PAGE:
To round to two decimal places, refer to the third decimal place. If this digit is 5 or higher, raise the second decimal place up by one; if it is 4 or lower, leave the second decimal place as is. Then, omit the third decimal place and all that follow.
Rounding is a simple process that involves looking one number to the right of the value to be rounded. A helpful phrase for this process is: "5 and above, give it a shove. 4 and below, let it go." For example, if the number to be rounded to two decimal places is 2.938, it is rounded to 2.94 because the third decimal place (8) is higher than 4. If the number is 2.931, it is rounded to 2.93 because the third decimal place (1) is lower than 5. If the third decimal place is 0, or there is no third decimal place, the number is already rounded to two decimal places.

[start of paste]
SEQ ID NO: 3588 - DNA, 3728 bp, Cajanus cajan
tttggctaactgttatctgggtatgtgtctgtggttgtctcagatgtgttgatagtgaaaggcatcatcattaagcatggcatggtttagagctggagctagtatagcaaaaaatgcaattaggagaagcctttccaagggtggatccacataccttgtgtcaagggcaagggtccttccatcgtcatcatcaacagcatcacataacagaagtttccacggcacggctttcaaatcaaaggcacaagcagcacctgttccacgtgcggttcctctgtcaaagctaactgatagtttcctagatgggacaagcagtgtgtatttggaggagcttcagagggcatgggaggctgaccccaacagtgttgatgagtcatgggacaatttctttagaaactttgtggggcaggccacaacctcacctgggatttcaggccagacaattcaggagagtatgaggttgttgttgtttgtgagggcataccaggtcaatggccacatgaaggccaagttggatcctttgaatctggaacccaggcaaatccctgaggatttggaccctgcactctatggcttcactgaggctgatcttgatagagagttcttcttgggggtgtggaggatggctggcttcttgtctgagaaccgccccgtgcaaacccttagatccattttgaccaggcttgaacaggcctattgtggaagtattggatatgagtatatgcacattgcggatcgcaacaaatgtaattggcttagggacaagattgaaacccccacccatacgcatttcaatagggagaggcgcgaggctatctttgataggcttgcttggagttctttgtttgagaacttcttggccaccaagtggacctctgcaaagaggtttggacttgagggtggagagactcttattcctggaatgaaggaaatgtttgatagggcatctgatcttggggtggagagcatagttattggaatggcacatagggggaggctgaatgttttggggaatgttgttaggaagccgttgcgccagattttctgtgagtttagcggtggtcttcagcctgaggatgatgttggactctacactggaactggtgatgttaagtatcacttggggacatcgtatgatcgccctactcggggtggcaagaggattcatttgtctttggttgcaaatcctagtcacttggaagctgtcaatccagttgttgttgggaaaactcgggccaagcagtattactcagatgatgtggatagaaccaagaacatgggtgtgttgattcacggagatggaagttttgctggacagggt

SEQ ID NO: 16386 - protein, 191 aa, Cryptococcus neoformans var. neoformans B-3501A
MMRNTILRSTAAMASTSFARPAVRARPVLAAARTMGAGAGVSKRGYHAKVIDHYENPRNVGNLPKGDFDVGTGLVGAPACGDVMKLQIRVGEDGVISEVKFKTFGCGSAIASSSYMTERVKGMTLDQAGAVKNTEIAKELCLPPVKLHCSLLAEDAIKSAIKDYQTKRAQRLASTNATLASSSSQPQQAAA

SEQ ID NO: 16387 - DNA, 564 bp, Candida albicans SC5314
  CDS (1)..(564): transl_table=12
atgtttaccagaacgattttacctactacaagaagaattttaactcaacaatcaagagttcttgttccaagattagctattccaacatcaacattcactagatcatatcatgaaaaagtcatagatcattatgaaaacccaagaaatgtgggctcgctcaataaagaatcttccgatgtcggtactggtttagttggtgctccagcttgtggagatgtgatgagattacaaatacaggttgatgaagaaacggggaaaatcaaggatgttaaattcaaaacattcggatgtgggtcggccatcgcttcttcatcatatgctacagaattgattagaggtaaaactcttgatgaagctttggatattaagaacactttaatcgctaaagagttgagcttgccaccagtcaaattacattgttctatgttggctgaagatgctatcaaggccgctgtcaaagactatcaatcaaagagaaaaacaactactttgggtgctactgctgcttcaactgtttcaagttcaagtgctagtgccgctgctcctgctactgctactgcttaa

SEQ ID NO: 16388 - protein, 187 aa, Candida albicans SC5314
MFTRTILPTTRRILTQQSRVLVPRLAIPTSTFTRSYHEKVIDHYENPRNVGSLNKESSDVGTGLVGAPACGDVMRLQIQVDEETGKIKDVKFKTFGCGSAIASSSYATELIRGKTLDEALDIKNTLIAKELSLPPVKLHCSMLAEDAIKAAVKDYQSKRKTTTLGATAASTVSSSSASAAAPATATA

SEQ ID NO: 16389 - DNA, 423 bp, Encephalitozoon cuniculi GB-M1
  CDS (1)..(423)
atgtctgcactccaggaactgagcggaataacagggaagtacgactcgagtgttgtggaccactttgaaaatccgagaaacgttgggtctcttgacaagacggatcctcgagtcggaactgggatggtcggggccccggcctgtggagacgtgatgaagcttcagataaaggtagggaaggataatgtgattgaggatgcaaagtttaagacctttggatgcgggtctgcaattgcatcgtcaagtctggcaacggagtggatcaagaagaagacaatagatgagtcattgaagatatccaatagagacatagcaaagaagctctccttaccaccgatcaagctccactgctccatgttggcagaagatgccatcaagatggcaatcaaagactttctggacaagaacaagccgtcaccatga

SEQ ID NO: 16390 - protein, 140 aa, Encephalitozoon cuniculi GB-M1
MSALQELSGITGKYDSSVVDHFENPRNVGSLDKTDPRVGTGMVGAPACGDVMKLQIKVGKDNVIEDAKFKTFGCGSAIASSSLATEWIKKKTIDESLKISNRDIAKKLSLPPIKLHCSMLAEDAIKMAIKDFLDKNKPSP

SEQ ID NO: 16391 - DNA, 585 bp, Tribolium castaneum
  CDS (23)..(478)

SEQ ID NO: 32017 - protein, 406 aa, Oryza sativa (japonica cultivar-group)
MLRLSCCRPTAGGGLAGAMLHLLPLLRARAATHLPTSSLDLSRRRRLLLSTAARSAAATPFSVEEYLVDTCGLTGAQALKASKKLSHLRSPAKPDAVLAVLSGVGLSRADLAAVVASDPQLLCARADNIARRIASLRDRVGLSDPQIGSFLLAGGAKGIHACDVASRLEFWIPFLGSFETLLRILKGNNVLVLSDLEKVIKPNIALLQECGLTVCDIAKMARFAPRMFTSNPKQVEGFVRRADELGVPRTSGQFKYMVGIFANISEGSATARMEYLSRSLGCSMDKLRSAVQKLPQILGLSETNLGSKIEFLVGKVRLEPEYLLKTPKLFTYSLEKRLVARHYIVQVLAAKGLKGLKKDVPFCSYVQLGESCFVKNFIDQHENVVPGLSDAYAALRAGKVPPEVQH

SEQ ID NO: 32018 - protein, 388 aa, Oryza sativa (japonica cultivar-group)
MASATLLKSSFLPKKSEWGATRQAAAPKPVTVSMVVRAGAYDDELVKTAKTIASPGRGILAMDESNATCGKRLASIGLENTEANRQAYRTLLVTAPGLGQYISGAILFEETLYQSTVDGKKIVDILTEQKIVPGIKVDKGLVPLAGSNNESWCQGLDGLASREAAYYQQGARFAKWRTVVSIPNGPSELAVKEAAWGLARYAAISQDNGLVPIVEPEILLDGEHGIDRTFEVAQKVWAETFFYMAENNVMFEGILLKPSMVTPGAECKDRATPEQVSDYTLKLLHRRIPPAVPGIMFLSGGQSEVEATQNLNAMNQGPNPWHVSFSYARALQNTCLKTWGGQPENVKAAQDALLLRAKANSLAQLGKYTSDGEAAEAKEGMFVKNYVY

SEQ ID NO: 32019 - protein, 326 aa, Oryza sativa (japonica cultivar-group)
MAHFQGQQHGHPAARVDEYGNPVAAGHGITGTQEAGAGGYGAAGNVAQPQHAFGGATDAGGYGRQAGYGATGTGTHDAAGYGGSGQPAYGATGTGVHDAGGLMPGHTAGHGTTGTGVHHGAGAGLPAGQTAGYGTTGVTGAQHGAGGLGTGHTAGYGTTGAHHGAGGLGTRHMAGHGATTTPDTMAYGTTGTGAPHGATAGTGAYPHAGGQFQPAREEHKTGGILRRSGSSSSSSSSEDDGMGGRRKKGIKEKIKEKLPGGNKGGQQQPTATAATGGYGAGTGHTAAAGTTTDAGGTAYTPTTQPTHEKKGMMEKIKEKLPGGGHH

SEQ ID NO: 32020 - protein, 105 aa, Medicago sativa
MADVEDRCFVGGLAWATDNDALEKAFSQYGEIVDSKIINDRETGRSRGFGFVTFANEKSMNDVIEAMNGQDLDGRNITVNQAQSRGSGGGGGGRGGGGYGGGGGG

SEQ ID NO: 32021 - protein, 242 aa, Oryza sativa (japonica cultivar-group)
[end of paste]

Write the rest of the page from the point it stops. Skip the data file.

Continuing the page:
When rounding the number 9 up, extra vigilance is required. For example, rounding the number 5.498 to two decimal places raises the second decimal place (9) by 1, making it 10. The "1" in 10 is applied to the first decimal place (4). The final result is 5.50.
After rounding to the second decimal place, all numbers after the second decimal place are omitted. For example, if the number 15.673593 is rounded to two decimal places, it becomes 15.67; the remaining digits are omitted.